Levelland UFO Case

Posted 25 Jul 2011 in Aliens & UFO's

The Levelland UFO Case occurred on November 2-3, 1957 in and around the small town of Levelland, Texas. Levelland, which in 1957 had a population of about 10,000, is located west of Lubbock on the flat prairie of the Texas panhandle. The case is considered to be one of the most impressive in UFO history, mainly because of the large number of witnesses involved over a relatively short period of time.

The incident

The incident began late on the evening of November 2 when two immigrant farm workers, Pedro Saucedo and Joe Salaz, called the Levelland police department to report a UFO sighting. Saucedo told police officer A.J. Fowler, who was working the night desk at the police station, that they had been driving four miles (6 km) west of Levelland when they saw a blue flash of light near the road. They claimed their truck's engine died, and a rocket-shaped object rose up and approached the truck, which rocked from the object's blast. As it moved away the truck's engine restarted and worked normally. Believing the story to be a joke, Fowler ignored it. An hour later, motorist Jim Wheeler reported an egg-shaped object was sitting in the road, four miles (6 km) east of Levelland, blocking his path and glowing bright blue. He claimed his vehicle died and as he got out of his car the object took off and its lights went out. As it moved away, Wheeler's car restarted and worked normally.

At 10:55 pm a married couple driving northeast of Levelland reported that they saw a bright flash of light moving across the sky and their headlights and radio died for three seconds. Five minutes later Jose Alvarez met the strange object sitting on the road 11 miles (18 km) north of Levelland, and his vehicle's engine died until the object departed. At 12:05 am (November 3), a Texas Tech college student named Newell Wright was surprised when, driving 10 miles (16 km) east of Levelland, his car suddenly died. When he got out to check on the problem, he saw a "100-foot-long" egg-shaped object sitting in the road. It took off, and his engine started running again. At 12:15 am Officer Fowler received another call, this time from a farmer named Frank Williams who claimed the egg-shaped object's blue glow pulsated, and each time it glowed brightly, his engine died. Other callers were Ronald Martin at 12:45 am and James Long at 1:15 am.

By this time, several Levelland police officers were actively investigating the incident. Among them was Sheriff Weir Clem, who saw a brilliant red object moving across the sky at 1:30 am. At 1:45 am Levelland's Fire Chief, Ray Jones, also saw the object and his vehicle's lights and engine sputtered. The sightings apparently ended soon after this inciden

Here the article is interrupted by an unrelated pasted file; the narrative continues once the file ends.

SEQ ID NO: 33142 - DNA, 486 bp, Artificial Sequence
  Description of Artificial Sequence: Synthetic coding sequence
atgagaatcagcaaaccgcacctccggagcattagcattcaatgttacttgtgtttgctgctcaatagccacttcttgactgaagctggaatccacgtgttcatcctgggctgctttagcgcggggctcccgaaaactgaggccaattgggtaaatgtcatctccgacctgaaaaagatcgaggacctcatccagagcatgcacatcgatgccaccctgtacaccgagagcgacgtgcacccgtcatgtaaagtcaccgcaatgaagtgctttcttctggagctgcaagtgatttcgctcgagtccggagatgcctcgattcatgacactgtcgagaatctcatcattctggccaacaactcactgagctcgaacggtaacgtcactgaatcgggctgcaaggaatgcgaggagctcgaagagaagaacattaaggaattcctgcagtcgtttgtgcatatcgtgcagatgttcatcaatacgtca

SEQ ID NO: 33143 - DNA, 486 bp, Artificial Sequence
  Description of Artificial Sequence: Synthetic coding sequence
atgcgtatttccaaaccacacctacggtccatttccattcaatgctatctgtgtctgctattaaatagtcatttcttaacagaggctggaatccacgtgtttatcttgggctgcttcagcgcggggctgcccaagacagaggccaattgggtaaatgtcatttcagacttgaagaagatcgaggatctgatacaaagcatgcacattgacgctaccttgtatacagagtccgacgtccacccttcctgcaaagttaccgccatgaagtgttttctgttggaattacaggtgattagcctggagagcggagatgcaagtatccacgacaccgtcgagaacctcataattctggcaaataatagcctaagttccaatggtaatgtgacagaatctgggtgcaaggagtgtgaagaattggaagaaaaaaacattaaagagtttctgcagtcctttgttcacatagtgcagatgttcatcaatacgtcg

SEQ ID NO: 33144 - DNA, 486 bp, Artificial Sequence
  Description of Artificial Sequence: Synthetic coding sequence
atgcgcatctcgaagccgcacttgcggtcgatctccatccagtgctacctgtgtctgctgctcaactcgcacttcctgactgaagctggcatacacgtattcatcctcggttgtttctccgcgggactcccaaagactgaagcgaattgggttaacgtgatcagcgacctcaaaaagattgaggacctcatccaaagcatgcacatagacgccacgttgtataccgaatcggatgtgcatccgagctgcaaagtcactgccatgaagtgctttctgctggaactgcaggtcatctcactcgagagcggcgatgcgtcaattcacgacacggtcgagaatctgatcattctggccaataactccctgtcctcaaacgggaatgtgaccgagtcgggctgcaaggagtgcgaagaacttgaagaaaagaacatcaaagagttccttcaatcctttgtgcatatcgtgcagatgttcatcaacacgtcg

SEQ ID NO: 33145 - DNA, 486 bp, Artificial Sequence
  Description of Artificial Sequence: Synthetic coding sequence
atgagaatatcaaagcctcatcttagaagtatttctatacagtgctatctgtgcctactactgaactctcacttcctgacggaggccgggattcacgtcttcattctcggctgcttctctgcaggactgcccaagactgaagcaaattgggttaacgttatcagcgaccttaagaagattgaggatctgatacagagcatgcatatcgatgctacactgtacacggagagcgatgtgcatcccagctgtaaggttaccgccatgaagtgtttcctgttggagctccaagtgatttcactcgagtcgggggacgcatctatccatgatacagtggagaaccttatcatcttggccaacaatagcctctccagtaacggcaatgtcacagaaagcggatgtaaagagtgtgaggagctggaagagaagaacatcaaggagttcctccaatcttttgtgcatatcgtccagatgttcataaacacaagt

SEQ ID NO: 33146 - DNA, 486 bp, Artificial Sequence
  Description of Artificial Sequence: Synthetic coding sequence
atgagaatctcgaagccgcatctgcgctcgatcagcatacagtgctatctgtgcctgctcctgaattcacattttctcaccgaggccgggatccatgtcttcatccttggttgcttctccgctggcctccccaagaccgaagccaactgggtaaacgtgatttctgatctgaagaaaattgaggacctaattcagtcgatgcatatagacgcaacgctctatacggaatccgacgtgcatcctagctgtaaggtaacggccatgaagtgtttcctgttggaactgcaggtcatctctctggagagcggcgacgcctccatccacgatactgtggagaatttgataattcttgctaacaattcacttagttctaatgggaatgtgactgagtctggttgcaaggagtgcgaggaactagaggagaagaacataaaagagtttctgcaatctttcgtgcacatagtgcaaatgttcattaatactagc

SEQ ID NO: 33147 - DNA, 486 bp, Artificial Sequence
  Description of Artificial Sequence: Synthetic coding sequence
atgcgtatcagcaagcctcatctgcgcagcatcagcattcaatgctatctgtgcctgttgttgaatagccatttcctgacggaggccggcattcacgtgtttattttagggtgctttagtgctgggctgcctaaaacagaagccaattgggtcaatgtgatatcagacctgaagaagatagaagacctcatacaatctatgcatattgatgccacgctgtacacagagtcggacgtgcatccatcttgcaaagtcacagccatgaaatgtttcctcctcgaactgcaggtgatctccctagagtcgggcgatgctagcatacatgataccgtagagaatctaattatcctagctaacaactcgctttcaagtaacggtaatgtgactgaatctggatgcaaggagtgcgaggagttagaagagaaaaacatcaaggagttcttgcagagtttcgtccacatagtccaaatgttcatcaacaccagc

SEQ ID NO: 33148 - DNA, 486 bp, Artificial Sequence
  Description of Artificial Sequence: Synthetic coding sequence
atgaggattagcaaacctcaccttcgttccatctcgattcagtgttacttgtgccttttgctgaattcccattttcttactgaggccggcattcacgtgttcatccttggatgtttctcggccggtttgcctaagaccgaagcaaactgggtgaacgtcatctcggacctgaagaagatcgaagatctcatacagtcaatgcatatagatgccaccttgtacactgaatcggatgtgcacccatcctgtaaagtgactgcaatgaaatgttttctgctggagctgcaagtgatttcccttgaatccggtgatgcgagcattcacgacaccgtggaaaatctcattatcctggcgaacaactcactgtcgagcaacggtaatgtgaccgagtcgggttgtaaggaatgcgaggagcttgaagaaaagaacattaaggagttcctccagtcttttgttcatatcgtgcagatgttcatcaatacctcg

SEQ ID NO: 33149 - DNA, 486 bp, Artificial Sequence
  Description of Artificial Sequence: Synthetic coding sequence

Air Force explanation and controversy

The Levelland sightings received national publicity, and were soon investigated by Project Blue Book, a research group that had been created by the US Air Force in 1951 to investigate UFO reports. After interviewing three of the eyewitnesses - Saucedo, Wheeler, and Wright, and after learning that thunderstorms were present in the area earlier in the day, the Air Force investigators concluded that a severe electrical storm was the major cause for the sightings and reported auto failures. The Air Force did not interview any of the other witnesses, nor were they mentioned in Project Blue Book's final report on the incident. However, two prominent UFO researchers - Dr. James E. McDonald, a physicist at the University of Arizona and Dr. J. Allen Hynek, an astronomer at Northwestern University, disputed this explanation. Both men argued that there was no electrical storm in the area when the sightings occurred. In 1999 UFO researcher Antonio Rullan published a detailed analysis of the Levelland sightings. After examining various weather records and the competing claims of the Air Force, Dr. McDonald, and others, he concluded that "there was no severe thunderstorm in Levelland during the time of the sightings...there could have been a few clouds with light rain in Levelland despite no rain being reported at the [nearby] Lubbock weather station". Rullan also added that "conditions for scattered lightning, however, cannot be discounted...lightning conditions did exist."

Media Coverage

In March 2002, Dallas-based television station KDFW aired a lengthy report about the Levelland UFO case. Reporter Richard Ray's piece recounts how at least 15 people, including Sheriff Weir Clem, had encountered the huge lighted disc. Ray spoke to Weir's widow and friends, who maintain that the lawman definitely saw something otherworldly. The story also detailed the investigation and controversial conclusion issued by the Air Force – that weather phenomena known as ball lightning was to blame.

 

Source: Wikipedia

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